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One of America’s largest confederacy symbols was taken down in Richmond, Virginia, in early September 2021. Onlookers cheered and sang as the statue was finally taken down from its pedestal, where it stood for over a century.
Virginia Governor Ralph Northam deserves praise for his decision to have the statue removed. He agrees its symbolism of accepting racism and slavery does not fit in with the ongoing fight for equality. Northam witnessed the event and congratulated the citizens for supporting the statue’s removal.
“This was a long time coming, now part of the healing process so Virginia can move forward and be a welcoming state with inclusiveness and diversity,” Northam said. He added, the statue represented more than 400 years of disgraceful American history.
The Robert E. Lee statue and many other Confederate statues in America are constant reminders of the past and present forms of institutionalized racism in the United States.
The statue’s removal was long overdue, and George Floyd’s murder inflamed America’s fight for equality, especially in the Black community. Protesters calls for the removal of the statues of slaveholding Founding Fathers, and Confederate soldiers were met not only by graffiti but actively damaging and/or removing other statues.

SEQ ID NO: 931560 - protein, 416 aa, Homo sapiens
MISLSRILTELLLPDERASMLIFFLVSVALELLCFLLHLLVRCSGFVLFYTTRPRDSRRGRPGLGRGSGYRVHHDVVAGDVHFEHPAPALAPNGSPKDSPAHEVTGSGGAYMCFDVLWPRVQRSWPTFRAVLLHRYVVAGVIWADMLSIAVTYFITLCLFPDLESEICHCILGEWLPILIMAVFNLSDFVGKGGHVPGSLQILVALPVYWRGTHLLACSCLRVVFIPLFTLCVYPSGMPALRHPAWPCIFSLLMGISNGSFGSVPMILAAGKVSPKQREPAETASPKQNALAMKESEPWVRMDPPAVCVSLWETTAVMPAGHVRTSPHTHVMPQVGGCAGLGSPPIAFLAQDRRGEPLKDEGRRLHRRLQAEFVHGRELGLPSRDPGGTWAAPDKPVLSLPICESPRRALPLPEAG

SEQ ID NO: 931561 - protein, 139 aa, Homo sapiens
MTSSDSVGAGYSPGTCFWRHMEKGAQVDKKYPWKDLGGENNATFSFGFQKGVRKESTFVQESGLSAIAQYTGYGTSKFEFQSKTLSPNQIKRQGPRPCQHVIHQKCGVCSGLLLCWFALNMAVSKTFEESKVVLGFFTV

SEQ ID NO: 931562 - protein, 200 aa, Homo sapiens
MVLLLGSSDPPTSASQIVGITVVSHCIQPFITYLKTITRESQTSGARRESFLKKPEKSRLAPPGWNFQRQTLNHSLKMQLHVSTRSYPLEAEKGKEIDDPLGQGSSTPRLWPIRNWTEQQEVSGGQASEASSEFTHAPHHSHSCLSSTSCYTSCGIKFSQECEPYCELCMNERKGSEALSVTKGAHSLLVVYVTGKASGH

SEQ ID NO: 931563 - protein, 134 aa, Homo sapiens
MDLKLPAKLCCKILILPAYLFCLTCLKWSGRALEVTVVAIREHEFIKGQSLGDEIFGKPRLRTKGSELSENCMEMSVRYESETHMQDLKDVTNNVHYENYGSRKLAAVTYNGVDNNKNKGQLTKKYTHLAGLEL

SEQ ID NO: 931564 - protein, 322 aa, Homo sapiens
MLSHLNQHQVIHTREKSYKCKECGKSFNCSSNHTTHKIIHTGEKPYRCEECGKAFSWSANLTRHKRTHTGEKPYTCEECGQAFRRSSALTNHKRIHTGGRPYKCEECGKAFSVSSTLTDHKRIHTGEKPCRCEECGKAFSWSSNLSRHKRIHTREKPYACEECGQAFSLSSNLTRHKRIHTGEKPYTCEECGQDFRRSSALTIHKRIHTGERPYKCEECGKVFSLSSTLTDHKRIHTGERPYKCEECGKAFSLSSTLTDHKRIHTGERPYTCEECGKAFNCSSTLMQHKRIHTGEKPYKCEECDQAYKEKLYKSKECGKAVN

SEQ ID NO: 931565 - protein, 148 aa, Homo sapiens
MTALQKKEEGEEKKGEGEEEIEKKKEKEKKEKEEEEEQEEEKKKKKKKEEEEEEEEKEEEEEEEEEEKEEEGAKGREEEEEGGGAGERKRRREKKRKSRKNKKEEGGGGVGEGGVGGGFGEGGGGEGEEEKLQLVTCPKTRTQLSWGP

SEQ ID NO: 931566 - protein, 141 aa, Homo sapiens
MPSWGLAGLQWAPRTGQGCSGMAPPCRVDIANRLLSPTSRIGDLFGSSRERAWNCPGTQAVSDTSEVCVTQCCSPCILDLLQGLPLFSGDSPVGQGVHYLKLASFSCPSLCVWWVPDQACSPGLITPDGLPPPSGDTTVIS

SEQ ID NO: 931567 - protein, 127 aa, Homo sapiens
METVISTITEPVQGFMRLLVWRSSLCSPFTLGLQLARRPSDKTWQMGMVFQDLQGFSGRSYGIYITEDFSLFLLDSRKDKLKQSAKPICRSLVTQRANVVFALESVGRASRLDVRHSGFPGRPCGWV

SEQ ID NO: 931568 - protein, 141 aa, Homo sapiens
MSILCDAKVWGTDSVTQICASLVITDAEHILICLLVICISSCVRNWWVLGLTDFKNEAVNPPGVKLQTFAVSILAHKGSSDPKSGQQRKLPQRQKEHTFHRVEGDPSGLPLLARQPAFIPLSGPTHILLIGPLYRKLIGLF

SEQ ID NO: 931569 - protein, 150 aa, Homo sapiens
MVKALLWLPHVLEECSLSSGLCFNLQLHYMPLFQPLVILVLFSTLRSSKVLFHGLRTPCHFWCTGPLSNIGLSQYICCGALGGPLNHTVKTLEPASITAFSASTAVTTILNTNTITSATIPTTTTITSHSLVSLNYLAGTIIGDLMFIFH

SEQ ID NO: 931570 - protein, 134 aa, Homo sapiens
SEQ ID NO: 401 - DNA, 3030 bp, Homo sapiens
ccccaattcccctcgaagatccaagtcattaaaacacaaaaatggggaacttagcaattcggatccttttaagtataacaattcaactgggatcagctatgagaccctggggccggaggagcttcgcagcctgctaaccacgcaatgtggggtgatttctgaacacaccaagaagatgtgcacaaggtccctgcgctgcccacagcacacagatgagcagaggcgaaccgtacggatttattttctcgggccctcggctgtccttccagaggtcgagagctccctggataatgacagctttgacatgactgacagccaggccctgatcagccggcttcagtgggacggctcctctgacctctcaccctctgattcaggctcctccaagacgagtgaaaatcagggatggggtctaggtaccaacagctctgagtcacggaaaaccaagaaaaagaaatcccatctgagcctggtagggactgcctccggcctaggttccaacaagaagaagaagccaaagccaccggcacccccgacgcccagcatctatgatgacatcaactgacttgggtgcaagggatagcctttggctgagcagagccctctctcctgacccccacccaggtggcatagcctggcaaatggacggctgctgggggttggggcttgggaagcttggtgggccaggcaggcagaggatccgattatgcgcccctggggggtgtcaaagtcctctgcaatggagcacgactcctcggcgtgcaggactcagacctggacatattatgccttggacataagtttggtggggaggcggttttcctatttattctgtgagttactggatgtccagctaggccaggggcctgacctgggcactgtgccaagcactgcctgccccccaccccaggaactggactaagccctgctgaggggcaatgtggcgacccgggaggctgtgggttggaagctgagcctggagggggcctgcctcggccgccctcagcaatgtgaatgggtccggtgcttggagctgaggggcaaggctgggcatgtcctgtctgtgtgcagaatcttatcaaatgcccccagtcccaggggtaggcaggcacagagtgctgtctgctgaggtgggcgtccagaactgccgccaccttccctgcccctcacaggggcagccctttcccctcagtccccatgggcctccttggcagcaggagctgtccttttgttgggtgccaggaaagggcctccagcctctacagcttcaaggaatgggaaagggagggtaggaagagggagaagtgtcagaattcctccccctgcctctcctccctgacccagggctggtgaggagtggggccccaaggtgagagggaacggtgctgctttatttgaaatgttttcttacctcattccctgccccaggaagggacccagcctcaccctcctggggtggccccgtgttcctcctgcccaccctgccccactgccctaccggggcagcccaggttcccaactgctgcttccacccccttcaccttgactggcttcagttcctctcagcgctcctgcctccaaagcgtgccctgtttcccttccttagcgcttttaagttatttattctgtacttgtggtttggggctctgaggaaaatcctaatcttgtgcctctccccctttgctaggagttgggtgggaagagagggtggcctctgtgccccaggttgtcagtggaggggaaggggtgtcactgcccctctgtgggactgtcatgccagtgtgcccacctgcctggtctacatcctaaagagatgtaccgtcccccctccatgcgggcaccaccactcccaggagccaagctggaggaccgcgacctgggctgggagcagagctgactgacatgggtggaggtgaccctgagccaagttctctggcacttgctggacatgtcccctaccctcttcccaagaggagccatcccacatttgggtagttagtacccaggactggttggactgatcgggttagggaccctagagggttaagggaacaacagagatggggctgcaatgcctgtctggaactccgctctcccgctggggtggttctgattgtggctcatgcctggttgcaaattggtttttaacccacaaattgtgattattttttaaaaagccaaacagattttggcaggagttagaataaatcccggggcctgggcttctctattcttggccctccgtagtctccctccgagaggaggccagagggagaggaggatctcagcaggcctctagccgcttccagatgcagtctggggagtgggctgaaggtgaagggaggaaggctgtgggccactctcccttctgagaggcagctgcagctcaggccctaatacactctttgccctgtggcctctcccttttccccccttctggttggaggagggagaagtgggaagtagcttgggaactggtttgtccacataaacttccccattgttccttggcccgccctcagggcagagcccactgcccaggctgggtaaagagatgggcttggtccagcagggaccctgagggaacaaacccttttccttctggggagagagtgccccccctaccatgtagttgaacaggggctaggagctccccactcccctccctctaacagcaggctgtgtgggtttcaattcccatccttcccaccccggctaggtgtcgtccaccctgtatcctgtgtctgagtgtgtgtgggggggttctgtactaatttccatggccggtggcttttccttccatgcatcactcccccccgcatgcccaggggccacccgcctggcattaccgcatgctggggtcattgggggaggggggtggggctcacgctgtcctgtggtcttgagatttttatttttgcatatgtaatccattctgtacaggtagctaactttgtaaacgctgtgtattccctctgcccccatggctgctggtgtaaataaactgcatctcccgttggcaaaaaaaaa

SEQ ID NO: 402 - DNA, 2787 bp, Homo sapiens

But there is still more work to be done when it comes to the removal of racist monuments. Adding Virginia’s Statue to the numbers, more than 300 symbols of the confederacy and white supremacy have been taken down over the last six years. Nevertheless, hundreds, if not thousands, of statues still stand in the United States.
Opinion News by Daylontie Jasper
Edited by Cathy Milne-Ware
Britannica: Pro and Con: Historic Statue Removal in the United States
NBC News: Robert E. Lee statue in Richmond, Virginia, taken down, cut into pieces
Reuters: Statue of Confederate commander Robert E. Lee removed in Virginia capital; by Brendan O’Brien
Images Courtesy of Mobilus In Mobili’s Flickr Page – Creative Commons License